fdrhighresBeing a data nut, a relatively recent electronics enthusiast, and now a burgeoning “time nut”, there was a thread on the timenuts email list on monitoring the mains frequency (60Hz in North America, and 50Hz most other places), and how accurate it actually is. One of the responses pointed toward FNET, or a project run by the University of Tennessee. They provide a “box” that you plug into your network, mains (120V in my case), and a GPS antenna. It measures your mains frequency with what I assume is a zero cross detector, correlates that frequency with a highly accurate 1PPS signal that it’s GPS receiver generates, and then streams that data to the FNET servers (which can be viewed here).

Thinking that sounded pretty awesome, I contacted them, and asked if they wanted a box in Eugene (my intent being to install it on Campus in my office). They jumped at the chance, and sent me a box. A week or two later, I got it, and tried to set it up. Sadly, after a couple days of futzing, I realized to my dismay that Low-E windows block GPS signals. =( BUT! I have access to the “penthouse” where they have all our HVAC equipment, and has roof access. After some investigation, and some help of a friend, I was able to run the GPS cable through an empty 1″ conduit, outside, up the side of the penthouse, and onto it’s roof, which is solid steel, so the magnetic GPS puck sticks great. The unit itself I hung from some electrical conduit using some Velcro straps. Also slapping a label on the unit saying to contact me if there are any questions (since a box with flashing lights on it, could be confusing to a random Facilities employee).

GPS lock was great (I average about 10 satellites), and the cable was a perfect length (5 meters). I would suggest they switch to SMA connections for their GPS in the future, but meh. If you’re curious, take a look here. I’m unit #1033. It’s interesting to see how the mains frequency droops, or elevates during the time of day, and knowing whether that’s when people are just getting home, or leaving, etc. I would also highly suggest reading up on the US Power grid, and how the West and East are joined by the Texas interconnect.

phpMyAdmin not working with Cloudflare

logo-ogI recently installed the “new” version of phpmyadmin, and noticed that it didn’t work (in Chrome or Firefox, but did work in Safari). After a fair amount of troubleshooting, I found there’s a setting in config that is: $cfg['AllowThirdPartyFraming'] = true; (this overrides the default “false”) that seems to be for blocking iFrame attacks.

This caused the first part of the login page to load, but still missing the login fields, etc. After some more troubleshooting, this turned out to be Cloudflare’s Rocketloader. Which, you can disable either via path rule (just excluding everything with a given path), or by adding a value to the <script> tags. The path rule works great, but you only get 3 path rules with a free cloudflare account. =/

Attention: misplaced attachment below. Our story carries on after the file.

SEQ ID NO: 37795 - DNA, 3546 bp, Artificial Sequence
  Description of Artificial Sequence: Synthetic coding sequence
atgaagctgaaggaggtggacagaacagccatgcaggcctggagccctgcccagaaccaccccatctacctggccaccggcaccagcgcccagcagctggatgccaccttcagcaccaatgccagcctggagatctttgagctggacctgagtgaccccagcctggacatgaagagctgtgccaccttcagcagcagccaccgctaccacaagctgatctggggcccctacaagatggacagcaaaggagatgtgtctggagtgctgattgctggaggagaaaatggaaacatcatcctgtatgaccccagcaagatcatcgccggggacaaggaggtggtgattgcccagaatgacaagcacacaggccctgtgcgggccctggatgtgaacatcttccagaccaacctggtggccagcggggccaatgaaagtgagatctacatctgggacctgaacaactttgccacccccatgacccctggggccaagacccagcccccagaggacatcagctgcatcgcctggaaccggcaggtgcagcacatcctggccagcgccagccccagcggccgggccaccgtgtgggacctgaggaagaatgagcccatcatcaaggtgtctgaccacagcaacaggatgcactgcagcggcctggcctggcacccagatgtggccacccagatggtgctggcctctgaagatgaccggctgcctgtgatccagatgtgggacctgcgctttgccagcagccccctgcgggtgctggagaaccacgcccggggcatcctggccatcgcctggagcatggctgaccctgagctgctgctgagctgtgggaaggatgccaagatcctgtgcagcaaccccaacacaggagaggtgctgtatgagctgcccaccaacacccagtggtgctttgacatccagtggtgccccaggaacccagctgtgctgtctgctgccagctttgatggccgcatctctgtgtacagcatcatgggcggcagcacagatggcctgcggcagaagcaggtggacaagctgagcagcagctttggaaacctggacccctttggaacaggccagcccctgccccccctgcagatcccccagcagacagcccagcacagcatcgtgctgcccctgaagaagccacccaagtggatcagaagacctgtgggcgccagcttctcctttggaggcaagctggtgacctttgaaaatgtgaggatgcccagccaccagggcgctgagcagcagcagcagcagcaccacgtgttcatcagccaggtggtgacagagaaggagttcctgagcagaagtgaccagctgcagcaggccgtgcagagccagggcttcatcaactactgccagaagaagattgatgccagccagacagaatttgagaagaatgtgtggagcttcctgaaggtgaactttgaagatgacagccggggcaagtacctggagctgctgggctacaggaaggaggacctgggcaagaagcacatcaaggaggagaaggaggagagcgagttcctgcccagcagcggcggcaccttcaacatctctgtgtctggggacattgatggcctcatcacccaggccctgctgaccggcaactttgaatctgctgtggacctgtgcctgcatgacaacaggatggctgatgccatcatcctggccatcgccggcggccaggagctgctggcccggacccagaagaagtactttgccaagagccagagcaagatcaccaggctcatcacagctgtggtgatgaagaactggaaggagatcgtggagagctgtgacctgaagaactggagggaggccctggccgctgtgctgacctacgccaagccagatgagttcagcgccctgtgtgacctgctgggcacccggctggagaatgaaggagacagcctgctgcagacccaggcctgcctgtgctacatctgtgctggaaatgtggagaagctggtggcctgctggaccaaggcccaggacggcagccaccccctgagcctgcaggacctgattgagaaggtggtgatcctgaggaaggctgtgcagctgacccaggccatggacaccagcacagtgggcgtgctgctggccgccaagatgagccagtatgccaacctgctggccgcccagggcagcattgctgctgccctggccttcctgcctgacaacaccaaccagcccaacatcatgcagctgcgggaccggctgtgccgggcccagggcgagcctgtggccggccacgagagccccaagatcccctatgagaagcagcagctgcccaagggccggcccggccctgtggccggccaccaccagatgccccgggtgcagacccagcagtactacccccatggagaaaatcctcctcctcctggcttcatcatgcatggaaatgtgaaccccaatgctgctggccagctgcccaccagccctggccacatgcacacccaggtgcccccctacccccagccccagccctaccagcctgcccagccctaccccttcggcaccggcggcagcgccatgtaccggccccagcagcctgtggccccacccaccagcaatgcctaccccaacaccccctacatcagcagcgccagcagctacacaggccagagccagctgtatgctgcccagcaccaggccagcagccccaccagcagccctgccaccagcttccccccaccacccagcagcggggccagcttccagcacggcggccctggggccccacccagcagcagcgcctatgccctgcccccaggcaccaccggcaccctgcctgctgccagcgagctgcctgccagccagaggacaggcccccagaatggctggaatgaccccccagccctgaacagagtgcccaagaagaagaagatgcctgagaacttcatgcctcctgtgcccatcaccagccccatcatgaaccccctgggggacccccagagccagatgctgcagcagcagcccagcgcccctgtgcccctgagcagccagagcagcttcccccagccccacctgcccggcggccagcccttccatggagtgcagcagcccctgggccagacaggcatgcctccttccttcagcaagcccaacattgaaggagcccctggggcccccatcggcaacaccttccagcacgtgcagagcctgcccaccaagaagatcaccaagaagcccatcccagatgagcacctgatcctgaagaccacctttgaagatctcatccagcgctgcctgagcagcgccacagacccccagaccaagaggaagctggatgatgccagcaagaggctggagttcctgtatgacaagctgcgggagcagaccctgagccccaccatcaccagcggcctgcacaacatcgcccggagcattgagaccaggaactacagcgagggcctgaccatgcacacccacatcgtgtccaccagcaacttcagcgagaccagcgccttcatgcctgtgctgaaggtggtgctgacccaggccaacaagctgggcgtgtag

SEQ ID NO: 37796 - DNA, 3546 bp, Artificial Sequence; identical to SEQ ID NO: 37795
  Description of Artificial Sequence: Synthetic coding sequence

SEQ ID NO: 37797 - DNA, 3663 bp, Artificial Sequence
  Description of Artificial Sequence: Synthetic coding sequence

So, going into Scripts.class.php and added the tags to the javascript tags. I created a patch, and posted it to the bug on the phpmyadmin bug tracker here. After the bug initially getting closed as invalid, after posting the patch, they re-opened the ticket, and may include the changes in a release (or find some other way to resolve the rocketloader issue). So far, I get the impression phpMyAdmin won’t be including my patch in their codebase. =/ (UPDATE: In fact, they accepted the patch, and it’s now to be included in 4.4.2!)

I’ve also opened a bug with Cloudflare (which, sadly, I can’t link to). I’ve heard nothing back from them.

Anyway, good luck if you run into this issue.

APC Smart-UPS 1400 Battery replacement

su1400Having just gotten a replacement battery for my Smart-UPS 1400, I went to replace the battery, only to have the UPS randomly shutdown. I had had this issue before where if you removed the front panel and metal plate, the UPS would randomly turn off and on again. Figuring it was some cold solder joint, to bad ribbon cable between the front panel and UPS, I took everything apart to troubleshoot. Sadly, I couldn’t find the issue. I did decide to figure out why the battery never seemed to seat fully, and really, it’s due to bad design on APC’s part. The terminal connector for the battery is supposed to neatly fall into a recessed area of the chassis, and lay flat enough for the battery to seat. 9/10 with my unit though, the terminal would end up sideways, and prevent the battery from fully inserting. Worse, and this is why the unit was turning off, when this happened, and you tried to press the battery all the way back, one of the standoffs holding the PCB to the chassis would tweak enough to cause some board fault, and shut down (I haven’t dug further, I just saw the tweaking happening when the UPS case was removed).

So, as a note for anyone that might have one of these units. Don’t try to hotswap the battery. Just shut stuff down, remove the case (6 screws on the bottom), and then replace the battery while you can see the terminal connection. Then you can actually see if it’s laying properly in the chassis, and the battery will slide all the way into the unit. You can “help” it do this by making sure the battery cables are laying “down” rather than up, or back. Just, a crappy design on APC’s part. The only way I can see it always working right would be if the battery, and UPS, cables were silicone coated rather than PVC, and therefore were a bit more relaxed, and wanted to let gravity have it’s way. Maybe it also has to do with the unit being 20 years old at this point, and the PVC hardening. Either way, not a great design.

Good luck!